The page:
From: joel garry on 3 Jun 2010 13:06
On Jun 2, 5:23 pm, galen_bo...(a)yahoo.com wrote:
> Helma <helma.vi...(a)hotmail.com> writes:
> > I now work at a shop where the developers over the years have added
> > many (random) indexes on the database, and (still) having problems
> > with performance. I see many sql-statements coming by that use
> > suboptimal indexes, I think it would be a good idea to mass-review the
> > sql and indexes, increasing the quality of the indexes and reduce the
> > 'overindexing' of the DB. Seniors! I assume you have encountered this
> > situation before. How to efficiently deal with such situation?
> At the end of the day, what is "over-indexing" a database? If you don't
> see a slowdown because of the indexes, it sounds like you should be fine
> there. So what if an index isn't used or one index would solve what 5
> indexes are currently solving. If something is hitting you because of
> too many indexes, then indentify those indexes and fix that problem.
> Other than that, start putting good practices going forward and keep a
> look out for problems caused by over-indexing.
I may be wrong, but from the tone of the OP I gather they are pretty
close to this situation already, and asking for the next step.
I don't think there is any efficient way to accomplish it, and I'm not
sure that just using the type of business justification an external
consultant would use - "is there anything slowing down currently
because of this?" - is the correct response. I'd advise getting Tom's
Effective Oracle By Design book and comparing past and current
programming practices to that. I think with the internal knowledge of
a specific environment one could come up with a "top 10 past goofs we
oughta fix" list. Slow-by-slow processing, leftover RBO assumptions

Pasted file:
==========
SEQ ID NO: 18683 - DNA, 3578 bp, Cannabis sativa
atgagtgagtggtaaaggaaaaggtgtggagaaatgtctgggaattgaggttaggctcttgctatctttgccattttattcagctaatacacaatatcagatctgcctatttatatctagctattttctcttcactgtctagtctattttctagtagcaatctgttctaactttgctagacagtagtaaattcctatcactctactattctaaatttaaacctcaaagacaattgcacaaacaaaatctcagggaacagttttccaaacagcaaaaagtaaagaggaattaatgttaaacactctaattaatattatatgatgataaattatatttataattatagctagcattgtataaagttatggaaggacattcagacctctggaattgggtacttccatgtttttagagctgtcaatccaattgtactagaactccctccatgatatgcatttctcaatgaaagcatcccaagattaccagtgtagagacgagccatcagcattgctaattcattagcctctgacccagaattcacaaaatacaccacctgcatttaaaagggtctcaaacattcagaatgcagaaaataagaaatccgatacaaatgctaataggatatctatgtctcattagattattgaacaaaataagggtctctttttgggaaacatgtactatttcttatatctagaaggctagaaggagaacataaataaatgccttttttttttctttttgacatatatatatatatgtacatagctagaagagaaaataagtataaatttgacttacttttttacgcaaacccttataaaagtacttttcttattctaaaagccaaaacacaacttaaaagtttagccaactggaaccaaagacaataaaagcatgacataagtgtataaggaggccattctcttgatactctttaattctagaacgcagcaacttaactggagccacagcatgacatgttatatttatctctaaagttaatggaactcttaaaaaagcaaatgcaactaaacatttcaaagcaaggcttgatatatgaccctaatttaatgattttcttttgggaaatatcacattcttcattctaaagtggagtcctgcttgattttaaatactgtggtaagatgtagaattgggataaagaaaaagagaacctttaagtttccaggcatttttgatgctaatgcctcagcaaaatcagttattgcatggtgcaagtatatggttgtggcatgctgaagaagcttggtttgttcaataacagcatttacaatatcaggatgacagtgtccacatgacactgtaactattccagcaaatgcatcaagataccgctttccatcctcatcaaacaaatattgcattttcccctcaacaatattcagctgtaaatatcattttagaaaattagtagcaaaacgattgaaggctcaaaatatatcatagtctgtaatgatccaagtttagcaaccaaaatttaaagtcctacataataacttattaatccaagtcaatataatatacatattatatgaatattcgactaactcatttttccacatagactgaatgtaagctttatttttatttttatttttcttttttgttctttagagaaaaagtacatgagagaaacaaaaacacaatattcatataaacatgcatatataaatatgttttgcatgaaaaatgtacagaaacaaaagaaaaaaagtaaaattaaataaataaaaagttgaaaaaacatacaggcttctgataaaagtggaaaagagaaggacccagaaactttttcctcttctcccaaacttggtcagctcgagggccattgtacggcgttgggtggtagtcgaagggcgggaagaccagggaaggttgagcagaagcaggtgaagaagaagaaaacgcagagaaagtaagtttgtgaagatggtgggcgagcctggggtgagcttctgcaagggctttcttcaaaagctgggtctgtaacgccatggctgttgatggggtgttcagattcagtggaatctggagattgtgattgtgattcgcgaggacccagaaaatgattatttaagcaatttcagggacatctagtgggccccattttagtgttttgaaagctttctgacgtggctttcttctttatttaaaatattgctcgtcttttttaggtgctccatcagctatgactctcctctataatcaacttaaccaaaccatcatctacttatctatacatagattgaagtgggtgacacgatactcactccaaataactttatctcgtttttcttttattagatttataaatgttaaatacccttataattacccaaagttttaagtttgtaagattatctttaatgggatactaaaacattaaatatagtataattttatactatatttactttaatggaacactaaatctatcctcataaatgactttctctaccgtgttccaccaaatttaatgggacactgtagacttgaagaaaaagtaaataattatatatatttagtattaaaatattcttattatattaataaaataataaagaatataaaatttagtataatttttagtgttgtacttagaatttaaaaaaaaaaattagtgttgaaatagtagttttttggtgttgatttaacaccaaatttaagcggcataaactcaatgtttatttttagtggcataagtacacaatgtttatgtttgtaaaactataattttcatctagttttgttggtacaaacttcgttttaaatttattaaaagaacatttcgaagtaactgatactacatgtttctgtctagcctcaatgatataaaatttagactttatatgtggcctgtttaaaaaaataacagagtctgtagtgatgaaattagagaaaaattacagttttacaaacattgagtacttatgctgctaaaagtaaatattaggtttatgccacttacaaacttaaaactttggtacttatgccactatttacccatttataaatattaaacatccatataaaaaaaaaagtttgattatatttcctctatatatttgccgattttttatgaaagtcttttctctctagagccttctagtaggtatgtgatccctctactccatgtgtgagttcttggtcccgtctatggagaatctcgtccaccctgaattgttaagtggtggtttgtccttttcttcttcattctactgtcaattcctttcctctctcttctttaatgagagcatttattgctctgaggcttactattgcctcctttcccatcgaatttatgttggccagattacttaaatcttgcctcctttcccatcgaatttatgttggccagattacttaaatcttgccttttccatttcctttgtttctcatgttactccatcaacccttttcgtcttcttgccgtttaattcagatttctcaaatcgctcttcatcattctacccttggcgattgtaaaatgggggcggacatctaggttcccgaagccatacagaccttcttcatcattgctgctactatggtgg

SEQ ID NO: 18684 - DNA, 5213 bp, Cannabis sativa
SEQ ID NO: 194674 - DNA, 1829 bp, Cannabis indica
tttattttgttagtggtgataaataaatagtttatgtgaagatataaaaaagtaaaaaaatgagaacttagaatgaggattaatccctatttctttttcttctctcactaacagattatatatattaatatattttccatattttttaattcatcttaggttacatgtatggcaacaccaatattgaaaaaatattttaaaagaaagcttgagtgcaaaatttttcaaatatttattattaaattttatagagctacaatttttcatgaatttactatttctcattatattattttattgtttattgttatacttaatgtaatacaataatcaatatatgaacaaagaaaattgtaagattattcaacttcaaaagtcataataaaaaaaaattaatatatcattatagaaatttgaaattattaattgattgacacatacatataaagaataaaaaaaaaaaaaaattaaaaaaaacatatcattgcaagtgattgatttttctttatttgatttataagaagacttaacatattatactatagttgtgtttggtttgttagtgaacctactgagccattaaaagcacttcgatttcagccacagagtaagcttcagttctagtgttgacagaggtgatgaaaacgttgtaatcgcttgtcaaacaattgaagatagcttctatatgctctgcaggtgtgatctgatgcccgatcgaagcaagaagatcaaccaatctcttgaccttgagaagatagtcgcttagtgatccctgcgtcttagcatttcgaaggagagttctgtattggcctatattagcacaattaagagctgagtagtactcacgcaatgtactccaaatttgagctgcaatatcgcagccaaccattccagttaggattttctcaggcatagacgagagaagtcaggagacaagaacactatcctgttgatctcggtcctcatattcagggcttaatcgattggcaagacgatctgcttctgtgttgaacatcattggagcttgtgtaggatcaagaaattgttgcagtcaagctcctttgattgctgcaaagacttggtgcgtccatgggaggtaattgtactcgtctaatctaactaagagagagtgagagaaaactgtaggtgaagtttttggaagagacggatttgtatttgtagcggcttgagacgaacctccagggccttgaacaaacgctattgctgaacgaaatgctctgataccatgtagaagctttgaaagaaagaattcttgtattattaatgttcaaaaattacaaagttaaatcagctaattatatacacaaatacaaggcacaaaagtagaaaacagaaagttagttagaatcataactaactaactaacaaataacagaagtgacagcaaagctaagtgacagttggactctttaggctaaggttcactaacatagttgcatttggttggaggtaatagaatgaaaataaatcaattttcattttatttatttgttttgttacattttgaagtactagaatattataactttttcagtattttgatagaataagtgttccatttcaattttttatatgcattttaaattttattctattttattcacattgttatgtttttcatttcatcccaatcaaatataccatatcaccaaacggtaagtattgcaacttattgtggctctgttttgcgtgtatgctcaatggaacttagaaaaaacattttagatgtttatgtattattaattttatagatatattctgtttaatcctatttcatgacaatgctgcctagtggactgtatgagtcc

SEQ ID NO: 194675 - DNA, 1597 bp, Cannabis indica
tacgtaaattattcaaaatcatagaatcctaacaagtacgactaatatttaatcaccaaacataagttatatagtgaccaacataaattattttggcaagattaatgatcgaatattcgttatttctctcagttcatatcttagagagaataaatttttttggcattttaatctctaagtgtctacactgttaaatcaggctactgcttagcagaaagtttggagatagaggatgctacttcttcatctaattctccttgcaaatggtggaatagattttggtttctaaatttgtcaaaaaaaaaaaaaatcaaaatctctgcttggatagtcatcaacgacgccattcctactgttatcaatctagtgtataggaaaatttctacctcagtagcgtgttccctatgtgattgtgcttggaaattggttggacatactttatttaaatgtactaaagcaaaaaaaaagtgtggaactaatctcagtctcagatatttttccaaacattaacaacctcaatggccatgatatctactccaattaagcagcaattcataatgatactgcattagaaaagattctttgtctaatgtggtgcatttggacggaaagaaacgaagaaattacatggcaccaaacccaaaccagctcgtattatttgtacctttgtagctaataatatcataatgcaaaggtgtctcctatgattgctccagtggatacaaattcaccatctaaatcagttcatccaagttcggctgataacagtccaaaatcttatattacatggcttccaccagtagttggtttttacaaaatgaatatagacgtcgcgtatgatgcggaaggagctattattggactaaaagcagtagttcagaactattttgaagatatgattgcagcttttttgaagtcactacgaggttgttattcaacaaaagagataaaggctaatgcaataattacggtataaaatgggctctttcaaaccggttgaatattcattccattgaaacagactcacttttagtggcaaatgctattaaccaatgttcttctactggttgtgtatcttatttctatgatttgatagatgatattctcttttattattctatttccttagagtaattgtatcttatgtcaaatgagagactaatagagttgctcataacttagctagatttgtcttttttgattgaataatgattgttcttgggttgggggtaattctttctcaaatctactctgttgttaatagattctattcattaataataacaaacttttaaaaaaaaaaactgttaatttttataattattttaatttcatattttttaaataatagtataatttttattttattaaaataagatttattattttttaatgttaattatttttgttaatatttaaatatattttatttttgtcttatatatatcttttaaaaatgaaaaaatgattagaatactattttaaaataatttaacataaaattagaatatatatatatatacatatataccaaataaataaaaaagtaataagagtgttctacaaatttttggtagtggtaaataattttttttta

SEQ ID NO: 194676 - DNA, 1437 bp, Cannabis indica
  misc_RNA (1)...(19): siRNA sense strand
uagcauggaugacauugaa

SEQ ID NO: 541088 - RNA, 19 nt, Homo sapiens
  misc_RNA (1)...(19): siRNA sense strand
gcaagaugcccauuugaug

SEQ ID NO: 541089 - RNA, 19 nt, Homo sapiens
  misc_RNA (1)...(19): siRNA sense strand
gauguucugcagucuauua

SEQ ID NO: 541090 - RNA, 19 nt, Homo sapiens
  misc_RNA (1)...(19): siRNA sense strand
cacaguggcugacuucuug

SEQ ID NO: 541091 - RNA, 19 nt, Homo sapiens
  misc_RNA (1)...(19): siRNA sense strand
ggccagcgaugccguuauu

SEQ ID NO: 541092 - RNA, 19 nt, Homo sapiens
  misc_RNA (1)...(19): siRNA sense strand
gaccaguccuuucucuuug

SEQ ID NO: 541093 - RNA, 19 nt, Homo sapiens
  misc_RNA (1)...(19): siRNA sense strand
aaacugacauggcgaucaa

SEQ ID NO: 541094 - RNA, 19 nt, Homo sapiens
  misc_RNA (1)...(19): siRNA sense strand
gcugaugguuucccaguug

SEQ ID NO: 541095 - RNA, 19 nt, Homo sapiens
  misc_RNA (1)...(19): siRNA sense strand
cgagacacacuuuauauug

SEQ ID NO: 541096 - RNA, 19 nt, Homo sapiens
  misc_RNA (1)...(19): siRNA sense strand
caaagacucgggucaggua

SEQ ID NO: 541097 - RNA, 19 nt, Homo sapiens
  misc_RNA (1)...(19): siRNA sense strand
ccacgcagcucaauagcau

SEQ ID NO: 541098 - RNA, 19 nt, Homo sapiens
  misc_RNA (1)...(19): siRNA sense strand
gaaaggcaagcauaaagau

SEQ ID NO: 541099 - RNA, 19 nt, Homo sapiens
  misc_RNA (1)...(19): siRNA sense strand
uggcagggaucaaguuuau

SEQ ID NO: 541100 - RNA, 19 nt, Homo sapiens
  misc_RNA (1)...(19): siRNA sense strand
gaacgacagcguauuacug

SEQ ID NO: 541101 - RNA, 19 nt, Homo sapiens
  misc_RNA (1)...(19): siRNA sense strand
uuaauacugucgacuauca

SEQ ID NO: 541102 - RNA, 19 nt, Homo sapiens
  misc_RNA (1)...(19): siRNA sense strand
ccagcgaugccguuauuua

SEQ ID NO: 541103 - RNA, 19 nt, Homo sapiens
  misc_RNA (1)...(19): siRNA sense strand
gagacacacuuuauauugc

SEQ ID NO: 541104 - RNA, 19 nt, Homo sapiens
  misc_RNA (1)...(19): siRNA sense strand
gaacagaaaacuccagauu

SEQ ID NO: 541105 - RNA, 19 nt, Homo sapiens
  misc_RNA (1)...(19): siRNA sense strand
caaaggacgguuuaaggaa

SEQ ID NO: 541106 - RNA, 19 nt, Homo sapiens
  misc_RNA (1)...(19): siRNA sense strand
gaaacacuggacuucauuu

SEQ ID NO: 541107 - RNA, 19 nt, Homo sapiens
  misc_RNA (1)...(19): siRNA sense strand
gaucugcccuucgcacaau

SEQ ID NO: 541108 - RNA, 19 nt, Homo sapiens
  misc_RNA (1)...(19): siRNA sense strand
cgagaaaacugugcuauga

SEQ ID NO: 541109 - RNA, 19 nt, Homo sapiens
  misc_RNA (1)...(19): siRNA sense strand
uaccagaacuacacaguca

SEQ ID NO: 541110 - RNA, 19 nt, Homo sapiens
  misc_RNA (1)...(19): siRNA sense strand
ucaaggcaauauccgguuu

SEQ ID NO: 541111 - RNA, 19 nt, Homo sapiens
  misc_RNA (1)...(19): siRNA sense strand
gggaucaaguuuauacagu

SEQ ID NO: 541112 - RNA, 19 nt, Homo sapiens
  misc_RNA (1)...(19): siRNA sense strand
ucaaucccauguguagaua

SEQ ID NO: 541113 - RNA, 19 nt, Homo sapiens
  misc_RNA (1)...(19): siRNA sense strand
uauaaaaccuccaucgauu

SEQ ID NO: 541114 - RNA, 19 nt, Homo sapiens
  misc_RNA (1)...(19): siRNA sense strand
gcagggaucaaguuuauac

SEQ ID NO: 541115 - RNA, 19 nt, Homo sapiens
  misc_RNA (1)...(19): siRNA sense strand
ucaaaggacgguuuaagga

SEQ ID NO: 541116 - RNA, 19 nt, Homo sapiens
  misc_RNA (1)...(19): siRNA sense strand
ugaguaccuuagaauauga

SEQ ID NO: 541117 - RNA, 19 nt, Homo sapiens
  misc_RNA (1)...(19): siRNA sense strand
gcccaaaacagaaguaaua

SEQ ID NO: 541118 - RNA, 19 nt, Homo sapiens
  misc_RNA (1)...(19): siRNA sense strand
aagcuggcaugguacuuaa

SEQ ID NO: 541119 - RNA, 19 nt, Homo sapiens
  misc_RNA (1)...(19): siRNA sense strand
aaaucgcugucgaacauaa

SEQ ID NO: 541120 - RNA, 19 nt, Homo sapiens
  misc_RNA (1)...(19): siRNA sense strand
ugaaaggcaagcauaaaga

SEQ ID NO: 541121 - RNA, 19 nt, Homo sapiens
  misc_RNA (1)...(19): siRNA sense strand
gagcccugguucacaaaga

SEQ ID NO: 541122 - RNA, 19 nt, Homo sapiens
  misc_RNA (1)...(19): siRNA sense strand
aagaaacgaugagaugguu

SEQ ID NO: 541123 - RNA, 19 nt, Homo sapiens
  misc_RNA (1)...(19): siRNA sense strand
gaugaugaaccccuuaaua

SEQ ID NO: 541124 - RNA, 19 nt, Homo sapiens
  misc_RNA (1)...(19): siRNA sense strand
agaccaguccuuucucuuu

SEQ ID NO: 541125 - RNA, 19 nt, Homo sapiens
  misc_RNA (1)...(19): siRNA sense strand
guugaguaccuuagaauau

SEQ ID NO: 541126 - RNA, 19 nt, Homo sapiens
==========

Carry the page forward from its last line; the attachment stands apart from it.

(this could lead to over-indexing), there may be other low-hanging
design fruit the developers suspect once they understand the issues,
possibly even point out with some pattern matching on the code.
This is fixing accumulated deferred maintenance, so cost justification
is difficult. It takes some good strategic planning to not hit a
sudden-needed-upgrade wall. Sometimes, fixing a lot of small problems
that currently aren't a big deal can avoid big problems in the
future. Sometimes, you really do run into the limits of a system and
ought to upgrade. Then you have to watch out for newer systems not
being as efficient as the old.
I would be more paranoid than Mark about dropping unused indices,
unless they've been tracked for a year, at least. Unless, say, you
get overtime for tracking performance problems on New Years Eve.
@home.com is bogus.
Who designed your database? http://www.signonsandiego.com/news/2010/jun/02/u-t-editorial-failure-leadership/
From: John Hurley on 3 Jun 2010 15:08
# Monitoring is on by default in 10g so I would look for indexes that
do not appear to be used and potentially drop those to free up space
and eliminate the need to maintain them.
I think this is ( perhaps fairly widely ) mis understood. Monitoring
of statistics for tables and indexes is on by default afaik. The
usage monitoring needs to be turned on and off explicitly I believe.
From: Mariano Corral on 12 Jun 2010 14:20
On 3 jun, ,joel garry wrote:
> I would be more paranoid than Mark about dropping unused indices,
> unless they've been tracked for a year, at least. Unless, say, you
> get overtime for tracking performance problems on New Years Eve.
There is always a risk when dropping an index, so you may consider to
balance advantages and risks. A unnecessary index impacts negatively
the performance of inserts and updates of the indexed columns. Then,
the benefits of dropping an index are higher for tables with many
inserts or many updates of its indexed columns. On the other hand,
read-only tables can afford many indices without a performance
penalty. In other words, you may assume higher risks when dropping
indices for tables having many inserts or updates. For others, drop an
index only when it's 100% guaranteed it'll be harmless.